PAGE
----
Enhancing speed with headless WordPress

Since a typical CMS performs so many tasks, it can experience browser performance problems. Any time a user views a page in WordPress, the plugin's code is run. To help combat this, we keep the WordPress plugins to a minimum level. Drupal has more core features and thus needs fewer plugins, but it is a large framework with its performance issues.

Testing front-end site speed with a diagnostics tool is one of the most effective ways to boost website results. By testing, we will be able to see what practical steps can take to improve the site, rather than generic advice.

How does headless WordPress increase web speed?

The concept of headless WordPress has gained popularity in recent years. It is the idea of using a CMS only for content management and a separate tool to produce the user-facing website (the front-end). The content is accessed by the front-end website via an API. 

APIs have gained in popularity and have become the de facto industry standard for transferring content and data between two systems. APIs are now available for all big CMSs, making headless WordPress a fact.

Combining JavaScript and CSS:

Limiting the number of files to end-web user's browser has to download to display the website is another essential phase in front-end optimization. The fewer scripts and styles on the website, the fewer connections to the end-web user's browser may make to access it. 

Furthermore, minifying those assets reduces the total number of bytes that the browser must download and store, resulting in a faster overall loading experience.

Concept of CDN

A well-configured CDN can help protect websites from some of the most popular malware attacks. The API response times are higher, and the latency is lower for users. Since users are more likely to exit a slow-loading site, app, or buggy Alexa Skill, CDNs like Netlify can minimize bounce rates and increase the amount of time people spend on the computer with the application.

Although page caching caches all of your website's page requests, a Content Delivery Network (CDN), ensures that all of the static assets are cached as well. Photos, JavaScript, and CSS files that the website uses are examples of static properties. 

Since these files are rarely changed (i.e. wouldn't substitute one image with another with the same name in the same directory), CDN services would usually cache these assets for many days. Furthermore, CDN stores these static assets on a global network of servers for quicker access from any location.

As a result, users all over the world will be able to load web pages easily, without any significant delay that can occur when content is loaded from halfway around the world.

Improved Web performance

For end-users, performance can be good. Build quicker and more performant user experiences with a dedicated front-end site. The website only needs code to run the front-end and can be optimized for speed more easily. It's much more convenient because there's less code. Secure the CMS and make it fully safe, preventing others from accessing it.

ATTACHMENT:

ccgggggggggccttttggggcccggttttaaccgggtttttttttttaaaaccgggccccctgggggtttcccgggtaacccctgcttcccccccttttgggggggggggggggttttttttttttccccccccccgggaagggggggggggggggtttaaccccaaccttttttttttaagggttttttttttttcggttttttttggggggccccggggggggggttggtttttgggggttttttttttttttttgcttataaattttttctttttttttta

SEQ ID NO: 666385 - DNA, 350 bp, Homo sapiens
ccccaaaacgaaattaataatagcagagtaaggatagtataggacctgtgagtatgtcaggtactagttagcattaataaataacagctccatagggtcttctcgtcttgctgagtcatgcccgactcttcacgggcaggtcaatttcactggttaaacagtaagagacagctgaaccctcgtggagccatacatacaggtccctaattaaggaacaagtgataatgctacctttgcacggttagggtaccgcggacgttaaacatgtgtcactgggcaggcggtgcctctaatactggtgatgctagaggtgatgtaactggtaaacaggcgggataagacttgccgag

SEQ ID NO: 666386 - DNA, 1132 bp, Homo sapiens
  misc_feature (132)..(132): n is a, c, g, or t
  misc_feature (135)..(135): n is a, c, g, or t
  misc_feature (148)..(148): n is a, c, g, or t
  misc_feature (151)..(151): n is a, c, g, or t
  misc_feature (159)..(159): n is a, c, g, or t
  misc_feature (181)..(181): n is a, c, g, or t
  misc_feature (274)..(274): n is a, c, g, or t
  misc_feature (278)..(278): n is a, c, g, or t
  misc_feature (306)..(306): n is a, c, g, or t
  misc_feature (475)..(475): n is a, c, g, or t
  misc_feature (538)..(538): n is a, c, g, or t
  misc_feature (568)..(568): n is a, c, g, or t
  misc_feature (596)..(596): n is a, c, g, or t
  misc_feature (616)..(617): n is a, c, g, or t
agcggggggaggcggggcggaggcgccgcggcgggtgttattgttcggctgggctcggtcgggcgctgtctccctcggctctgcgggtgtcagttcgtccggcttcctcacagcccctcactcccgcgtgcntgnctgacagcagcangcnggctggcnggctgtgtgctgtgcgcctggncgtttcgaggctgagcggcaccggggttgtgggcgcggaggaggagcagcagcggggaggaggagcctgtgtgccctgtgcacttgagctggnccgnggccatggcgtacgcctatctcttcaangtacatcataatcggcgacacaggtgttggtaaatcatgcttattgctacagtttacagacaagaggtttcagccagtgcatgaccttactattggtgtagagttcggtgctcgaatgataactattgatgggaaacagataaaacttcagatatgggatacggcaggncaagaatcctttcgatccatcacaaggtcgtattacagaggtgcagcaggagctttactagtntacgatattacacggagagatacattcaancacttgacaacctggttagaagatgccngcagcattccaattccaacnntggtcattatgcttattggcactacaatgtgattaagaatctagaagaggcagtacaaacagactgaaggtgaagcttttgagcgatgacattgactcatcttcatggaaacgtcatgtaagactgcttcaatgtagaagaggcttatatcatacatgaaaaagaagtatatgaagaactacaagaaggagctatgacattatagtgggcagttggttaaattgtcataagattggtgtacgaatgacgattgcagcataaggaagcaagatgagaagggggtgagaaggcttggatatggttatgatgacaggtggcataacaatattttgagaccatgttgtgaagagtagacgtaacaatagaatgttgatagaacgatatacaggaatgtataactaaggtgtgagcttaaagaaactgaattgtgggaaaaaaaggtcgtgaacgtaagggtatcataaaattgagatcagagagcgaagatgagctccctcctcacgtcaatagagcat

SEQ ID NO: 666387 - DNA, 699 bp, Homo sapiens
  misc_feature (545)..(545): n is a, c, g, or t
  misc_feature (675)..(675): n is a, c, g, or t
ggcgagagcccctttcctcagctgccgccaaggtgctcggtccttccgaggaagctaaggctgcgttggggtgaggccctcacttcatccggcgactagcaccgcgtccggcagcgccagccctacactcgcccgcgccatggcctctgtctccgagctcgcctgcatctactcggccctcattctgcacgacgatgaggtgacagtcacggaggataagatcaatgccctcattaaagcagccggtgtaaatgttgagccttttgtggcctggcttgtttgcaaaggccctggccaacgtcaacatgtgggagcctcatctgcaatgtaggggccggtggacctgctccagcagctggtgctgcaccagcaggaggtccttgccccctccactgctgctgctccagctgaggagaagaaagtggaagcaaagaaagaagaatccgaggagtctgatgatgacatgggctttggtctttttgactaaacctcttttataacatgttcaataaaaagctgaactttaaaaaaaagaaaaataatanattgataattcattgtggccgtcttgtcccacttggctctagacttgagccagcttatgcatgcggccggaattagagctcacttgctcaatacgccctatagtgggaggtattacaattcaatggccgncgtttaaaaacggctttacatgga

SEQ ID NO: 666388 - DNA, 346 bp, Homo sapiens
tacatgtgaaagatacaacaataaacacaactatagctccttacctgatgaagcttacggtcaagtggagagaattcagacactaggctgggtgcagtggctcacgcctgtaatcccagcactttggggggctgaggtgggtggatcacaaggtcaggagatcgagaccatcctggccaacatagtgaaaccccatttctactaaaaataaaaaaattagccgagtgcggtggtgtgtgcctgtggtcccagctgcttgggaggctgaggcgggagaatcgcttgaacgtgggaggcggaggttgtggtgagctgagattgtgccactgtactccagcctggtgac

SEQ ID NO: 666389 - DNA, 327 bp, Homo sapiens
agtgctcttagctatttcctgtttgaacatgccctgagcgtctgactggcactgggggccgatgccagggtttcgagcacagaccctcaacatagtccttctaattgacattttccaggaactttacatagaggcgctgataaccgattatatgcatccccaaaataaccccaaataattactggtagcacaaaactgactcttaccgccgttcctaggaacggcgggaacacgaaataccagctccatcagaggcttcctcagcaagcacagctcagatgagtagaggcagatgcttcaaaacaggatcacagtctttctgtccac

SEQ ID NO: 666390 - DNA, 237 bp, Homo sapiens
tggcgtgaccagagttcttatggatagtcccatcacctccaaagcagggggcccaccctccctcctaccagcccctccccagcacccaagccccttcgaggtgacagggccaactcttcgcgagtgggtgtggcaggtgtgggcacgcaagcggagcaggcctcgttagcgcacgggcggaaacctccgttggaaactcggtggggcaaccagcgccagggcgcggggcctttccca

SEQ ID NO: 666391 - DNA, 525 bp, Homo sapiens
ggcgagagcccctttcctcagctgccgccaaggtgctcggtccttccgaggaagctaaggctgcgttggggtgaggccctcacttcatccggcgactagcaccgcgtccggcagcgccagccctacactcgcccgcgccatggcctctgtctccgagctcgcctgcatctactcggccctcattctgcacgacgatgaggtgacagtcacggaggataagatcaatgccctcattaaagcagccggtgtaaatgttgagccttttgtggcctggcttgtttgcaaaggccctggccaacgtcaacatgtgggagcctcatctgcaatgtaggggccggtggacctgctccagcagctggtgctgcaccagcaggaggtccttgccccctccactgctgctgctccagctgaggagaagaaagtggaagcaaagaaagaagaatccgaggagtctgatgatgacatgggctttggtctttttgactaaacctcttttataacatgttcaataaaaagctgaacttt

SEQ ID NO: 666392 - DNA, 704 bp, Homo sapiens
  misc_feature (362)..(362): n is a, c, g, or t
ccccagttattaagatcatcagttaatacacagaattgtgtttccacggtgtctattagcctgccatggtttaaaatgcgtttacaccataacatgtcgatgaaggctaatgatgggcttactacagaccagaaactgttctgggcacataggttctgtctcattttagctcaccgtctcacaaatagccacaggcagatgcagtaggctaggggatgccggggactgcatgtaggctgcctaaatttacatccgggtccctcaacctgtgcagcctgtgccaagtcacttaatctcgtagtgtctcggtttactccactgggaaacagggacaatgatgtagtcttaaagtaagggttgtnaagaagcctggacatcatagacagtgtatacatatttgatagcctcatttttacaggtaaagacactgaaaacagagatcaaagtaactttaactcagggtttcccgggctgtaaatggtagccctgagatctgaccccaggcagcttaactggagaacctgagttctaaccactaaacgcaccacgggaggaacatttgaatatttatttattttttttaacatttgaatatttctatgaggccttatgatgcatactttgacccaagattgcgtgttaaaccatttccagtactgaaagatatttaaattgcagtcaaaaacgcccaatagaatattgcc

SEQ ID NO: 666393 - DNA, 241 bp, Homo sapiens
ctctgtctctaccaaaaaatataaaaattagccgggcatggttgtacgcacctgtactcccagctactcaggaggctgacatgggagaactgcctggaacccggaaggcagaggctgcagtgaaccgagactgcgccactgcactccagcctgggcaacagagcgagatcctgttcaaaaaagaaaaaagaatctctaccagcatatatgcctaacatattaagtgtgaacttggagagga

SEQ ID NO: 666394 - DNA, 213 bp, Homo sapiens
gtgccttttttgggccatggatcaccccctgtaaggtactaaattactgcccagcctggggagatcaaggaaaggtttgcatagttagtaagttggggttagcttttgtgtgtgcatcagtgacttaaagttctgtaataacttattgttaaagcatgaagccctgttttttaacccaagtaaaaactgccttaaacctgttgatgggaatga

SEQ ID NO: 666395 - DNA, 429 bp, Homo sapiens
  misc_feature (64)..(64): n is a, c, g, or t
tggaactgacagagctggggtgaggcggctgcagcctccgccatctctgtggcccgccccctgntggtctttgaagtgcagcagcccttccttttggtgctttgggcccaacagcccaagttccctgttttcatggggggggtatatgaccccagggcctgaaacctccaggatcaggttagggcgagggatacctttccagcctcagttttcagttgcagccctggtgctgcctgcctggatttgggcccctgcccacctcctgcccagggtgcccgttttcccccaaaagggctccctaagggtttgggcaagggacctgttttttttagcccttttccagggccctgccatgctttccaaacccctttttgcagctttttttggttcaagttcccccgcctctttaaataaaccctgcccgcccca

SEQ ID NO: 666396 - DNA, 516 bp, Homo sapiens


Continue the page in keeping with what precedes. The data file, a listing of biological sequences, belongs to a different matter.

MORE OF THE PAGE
Re-usable content with real content Management

The real advantage of headless WordPress is that it can be used as a unique method for managing organized content. After all, this is what a CMS is about, but when it also has to manage a website, things can get a little confusing, and the content management aspect of things becomes less relevant.

Using a content management system (CMS) like headless WordPress to manage organized content is extremely efficient and allows you to do a lot about it. Re-purpose content for a smartphone app or a sister website by repurposing a collection of news stories.

Integrating different content sources

Many modern websites contain content from a variety of sources, including social media feeds, content from other websites, and internal databases stored in back-office systems or 3rd party software such as Salesforce. 

Reading information from external sources is the starting point of the headless WordPress architecture, allowing integrating multiple sources of content much simpler.


It's difficult to predict what the future holds, including which CMS use. If it needs to change CMS for some cause, it usually requires a complete website redesign, which can be costly and time-consuming.

Changing the CMS becomes much more cost-effective if the CMS and front-end are separated using the Headless method. All the web team has to do is to change the content's data source, and the majority of the front-end can be reused.

Faster Development with separated concerns

The effect on front-end growth is one of the most significant issues with complex CMSs.Workers who work in a large corporation having trouble finding good front-end developers who are also familiar with their complex, but strong CMS platform. HTML and CSS are essential skills for a successful front-end developer. They are the tools used to mark up content and design beautiful websites for clients. 

Some CMSs make site development more complicated, which limits the number of available front-end developers for the web team. Since the CMS is kept separate in the Headless method, the front-end build can theoretically be kept simpler and more effective.


  • Headless WordPress Themes

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